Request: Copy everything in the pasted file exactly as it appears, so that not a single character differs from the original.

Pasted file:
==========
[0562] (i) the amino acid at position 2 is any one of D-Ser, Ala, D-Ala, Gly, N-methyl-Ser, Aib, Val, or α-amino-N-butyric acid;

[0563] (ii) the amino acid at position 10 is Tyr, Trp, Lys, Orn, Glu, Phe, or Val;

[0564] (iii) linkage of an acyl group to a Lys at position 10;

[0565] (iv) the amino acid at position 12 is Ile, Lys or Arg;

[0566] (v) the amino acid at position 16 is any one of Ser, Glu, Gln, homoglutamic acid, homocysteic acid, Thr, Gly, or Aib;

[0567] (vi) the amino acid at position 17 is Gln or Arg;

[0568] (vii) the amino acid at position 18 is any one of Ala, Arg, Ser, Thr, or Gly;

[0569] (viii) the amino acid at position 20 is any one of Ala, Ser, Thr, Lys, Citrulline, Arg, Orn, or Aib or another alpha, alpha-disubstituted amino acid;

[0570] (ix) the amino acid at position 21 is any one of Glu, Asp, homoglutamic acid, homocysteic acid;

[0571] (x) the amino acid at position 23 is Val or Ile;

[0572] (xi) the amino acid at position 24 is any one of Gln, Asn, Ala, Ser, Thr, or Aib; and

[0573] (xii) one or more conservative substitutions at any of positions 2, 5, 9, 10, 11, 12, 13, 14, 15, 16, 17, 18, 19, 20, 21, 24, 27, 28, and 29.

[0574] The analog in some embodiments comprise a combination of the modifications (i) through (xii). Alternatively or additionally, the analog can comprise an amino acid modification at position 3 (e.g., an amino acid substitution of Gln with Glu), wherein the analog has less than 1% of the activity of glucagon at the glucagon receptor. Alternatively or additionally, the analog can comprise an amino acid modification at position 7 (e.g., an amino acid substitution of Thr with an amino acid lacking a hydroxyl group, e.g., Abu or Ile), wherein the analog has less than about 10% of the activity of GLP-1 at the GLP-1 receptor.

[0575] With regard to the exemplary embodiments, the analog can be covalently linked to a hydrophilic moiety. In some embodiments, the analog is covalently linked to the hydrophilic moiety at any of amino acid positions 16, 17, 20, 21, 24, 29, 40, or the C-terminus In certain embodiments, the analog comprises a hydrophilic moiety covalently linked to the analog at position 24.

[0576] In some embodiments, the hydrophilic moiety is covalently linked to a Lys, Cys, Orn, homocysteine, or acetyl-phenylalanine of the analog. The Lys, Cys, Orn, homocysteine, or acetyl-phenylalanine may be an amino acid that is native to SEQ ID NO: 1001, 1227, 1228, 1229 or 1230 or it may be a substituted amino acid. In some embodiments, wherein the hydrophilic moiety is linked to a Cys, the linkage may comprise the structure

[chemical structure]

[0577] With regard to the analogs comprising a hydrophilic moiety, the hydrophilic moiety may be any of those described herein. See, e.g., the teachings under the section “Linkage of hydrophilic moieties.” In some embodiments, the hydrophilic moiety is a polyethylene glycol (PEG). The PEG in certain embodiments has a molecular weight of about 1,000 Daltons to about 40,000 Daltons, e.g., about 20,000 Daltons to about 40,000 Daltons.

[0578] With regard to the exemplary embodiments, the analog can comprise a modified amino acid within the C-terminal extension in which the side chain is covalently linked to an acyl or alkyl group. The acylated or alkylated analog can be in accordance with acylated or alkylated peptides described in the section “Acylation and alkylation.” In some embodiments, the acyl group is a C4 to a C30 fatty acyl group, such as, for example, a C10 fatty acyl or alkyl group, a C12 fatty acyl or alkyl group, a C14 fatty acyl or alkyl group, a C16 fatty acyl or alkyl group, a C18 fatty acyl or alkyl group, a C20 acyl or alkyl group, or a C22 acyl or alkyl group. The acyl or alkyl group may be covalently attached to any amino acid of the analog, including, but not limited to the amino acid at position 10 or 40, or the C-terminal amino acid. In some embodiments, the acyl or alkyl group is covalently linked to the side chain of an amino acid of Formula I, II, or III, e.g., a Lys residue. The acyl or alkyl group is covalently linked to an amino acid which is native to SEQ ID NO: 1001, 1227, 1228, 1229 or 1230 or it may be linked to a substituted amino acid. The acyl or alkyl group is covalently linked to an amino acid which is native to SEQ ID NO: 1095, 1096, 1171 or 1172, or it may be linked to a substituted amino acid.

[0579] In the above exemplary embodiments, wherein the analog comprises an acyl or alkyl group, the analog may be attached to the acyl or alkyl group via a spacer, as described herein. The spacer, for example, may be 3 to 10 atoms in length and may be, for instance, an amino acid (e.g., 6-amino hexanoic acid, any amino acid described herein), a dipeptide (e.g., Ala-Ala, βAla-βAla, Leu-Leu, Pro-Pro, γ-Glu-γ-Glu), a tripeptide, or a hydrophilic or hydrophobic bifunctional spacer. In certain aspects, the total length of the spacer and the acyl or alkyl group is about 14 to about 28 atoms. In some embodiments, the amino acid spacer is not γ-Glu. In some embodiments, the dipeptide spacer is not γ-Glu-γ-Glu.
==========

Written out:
[0562] (i) the amino acid at position 2 is any one of D-Ser, Ala, D-Ala, Gly, N-methyl-Ser, Aib, Val, or α-amino-N-butyric acid;

[0563] (ii) the amino acid at position 10 is Tyr, Trp, Lys, Orn, Glu, Phe, or Val;

[0564] (iii) linkage of an acyl group to a Lys at position 10;

[0565] (iv) the amino acid at position 12 is Ile, Lys or Arg;

[0566] (v) the amino acid at position 16 is any one of Ser, Glu, Gln, homoglutamic acid, homocysteic acid, Thr, Gly, or Aib;

[0567] (vi) the amino acid at position 17 is Gln or Arg;

[0568] (vii) the amino acid at position 18 is any one of Ala, Arg, Ser, Thr, or Gly;

[0569] (viii) the amino acid at position 20 is any one of Ala, Ser, Thr, Lys, Citrulline, Arg, Orn, or Aib or another alpha, alpha-disubstituted amino acid;

[0570] (ix) the amino acid at position 21 is any one of Glu, Asp, homoglutamic acid, homocysteic acid;

[0571] (x) the amino acid at position 23 is Val or Ile;

[0572] (xi) the amino acid at position 24 is any one of Gln, Asn, Ala, Ser, Thr, or Aib; and

[0573] (xii) one or more conservative substitutions at any of positions 2, 5, 9, 10, 11, 12, 13, 14, 15, 16, 17, 18, 19, 20, 21, 24, 27, 28, and 29.

[0574] The analog in some embodiments comprise a combination of the modifications (i) through (xii). Alternatively or additionally, the analog can comprise an amino acid modification at position 3 (e.g., an amino acid substitution of Gln with Glu), wherein the analog has less than 1% of the activity of glucagon at the glucagon receptor. Alternatively or additionally, the analog can comprise an amino acid modification at position 7 (e.g., an amino acid substitution of Thr with an amino acid lacking a hydroxyl group, e.g., Abu or Ile), wherein the analog has less than about 10% of the activity of GLP-1 at the GLP-1 receptor.

[0575] With regard to the exemplary embodiments, the analog can be covalently linked to a hydrophilic moiety. In some embodiments, the analog is covalently linked to the hydrophilic moiety at any of amino acid positions 16, 17, 20, 21, 24, 29, 40, or the C-terminus In certain embodiments, the analog comprises a hydrophilic moiety covalently linked to the analog at position 24.

[0576] In some embodiments, the hydrophilic moiety is covalently linked to a Lys, Cys, Orn, homocysteine, or acetyl-phenylalanine of the analog. The Lys, Cys, Orn, homocysteine, or acetyl-phenylalanine may be an amino acid that is native to SEQ ID NO: 1001, 1227, 1228, 1229 or 1230 or it may be a substituted amino acid. In some embodiments, wherein the hydrophilic moiety is linked to a Cys, the linkage may comprise the structure

[chemical structure]

[0577] With regard to the analogs comprising a hydrophilic moiety, the hydrophilic moiety may be any of those described herein. See, e.g., the teachings under the section “Linkage of hydrophilic moieties.” In some embodiments, the hydrophilic moiety is a polyethylene glycol (PEG). The PEG in certain embodiments has a molecular weight of about 1,000 Daltons to about 40,000 Daltons, e.g., about 20,000 Daltons to about 40,000 Daltons.

[0578] With regard to the exemplary embodiments, the analog can comprise a modified amino acid within the C-terminal extension in which the side chain is covalently linked to an acyl or alkyl group. The acylated or alkylated analog can be in accordance with acylated or alkylated peptides described in the section “Acylation and alkylation.” In some embodiments, the acyl group is a C4 to a C30 fatty acyl group, such as, for example, a C10 fatty acyl or alkyl group, a C12 fatty acyl or alkyl group, a C14 fatty acyl or alkyl group, a C16 fatty acyl or alkyl group, a C18 fatty acyl or alkyl group, a C20 acyl or alkyl group, or a C22 acyl or alkyl group. The acyl or alkyl group may be covalently attached to any amino acid of the analog, including, but not limited to the amino acid at position 10 or 40, or the C-terminal amino acid. In some embodiments, the acyl or alkyl group is covalently linked to the side chain of an amino acid of Formula I, II, or III, e.g., a Lys residue. The acyl or alkyl group is covalently linked to an amino acid which is native to SEQ ID NO: 1001, 1227, 1228, 1229 or 1230 or it may be linked to a substituted amino acid. The acyl or alkyl group is covalently linked to an amino acid which is native to SEQ ID NO: 1095, 1096, 1171 or 1172, or it may be linked to a substituted amino acid.

[0579] In the above exemplary embodiments, wherein the analog comprises an acyl or alkyl group, the analog may be attached to the acyl or alkyl group via a spacer, as described herein. The spacer, for example, may be 3 to 10 atoms in length and may be, for instance, an amino acid (e.g., 6-amino hexanoic acid, any amino acid described herein), a dipeptide (e.g., Ala-Ala, βAla-βAla, Leu-Leu, Pro-Pro, γ-Glu-γ-Glu), a tripeptide, or a hydrophilic or hydrophobic bifunctional spacer. In certain aspects, the total length of the spacer and the acyl or alkyl group is about 14 to about 28 atoms. In some embodiments, the amino acid spacer is not γ-Glu. In some embodiments, the dipeptide spacer is not γ-Glu-γ-Glu.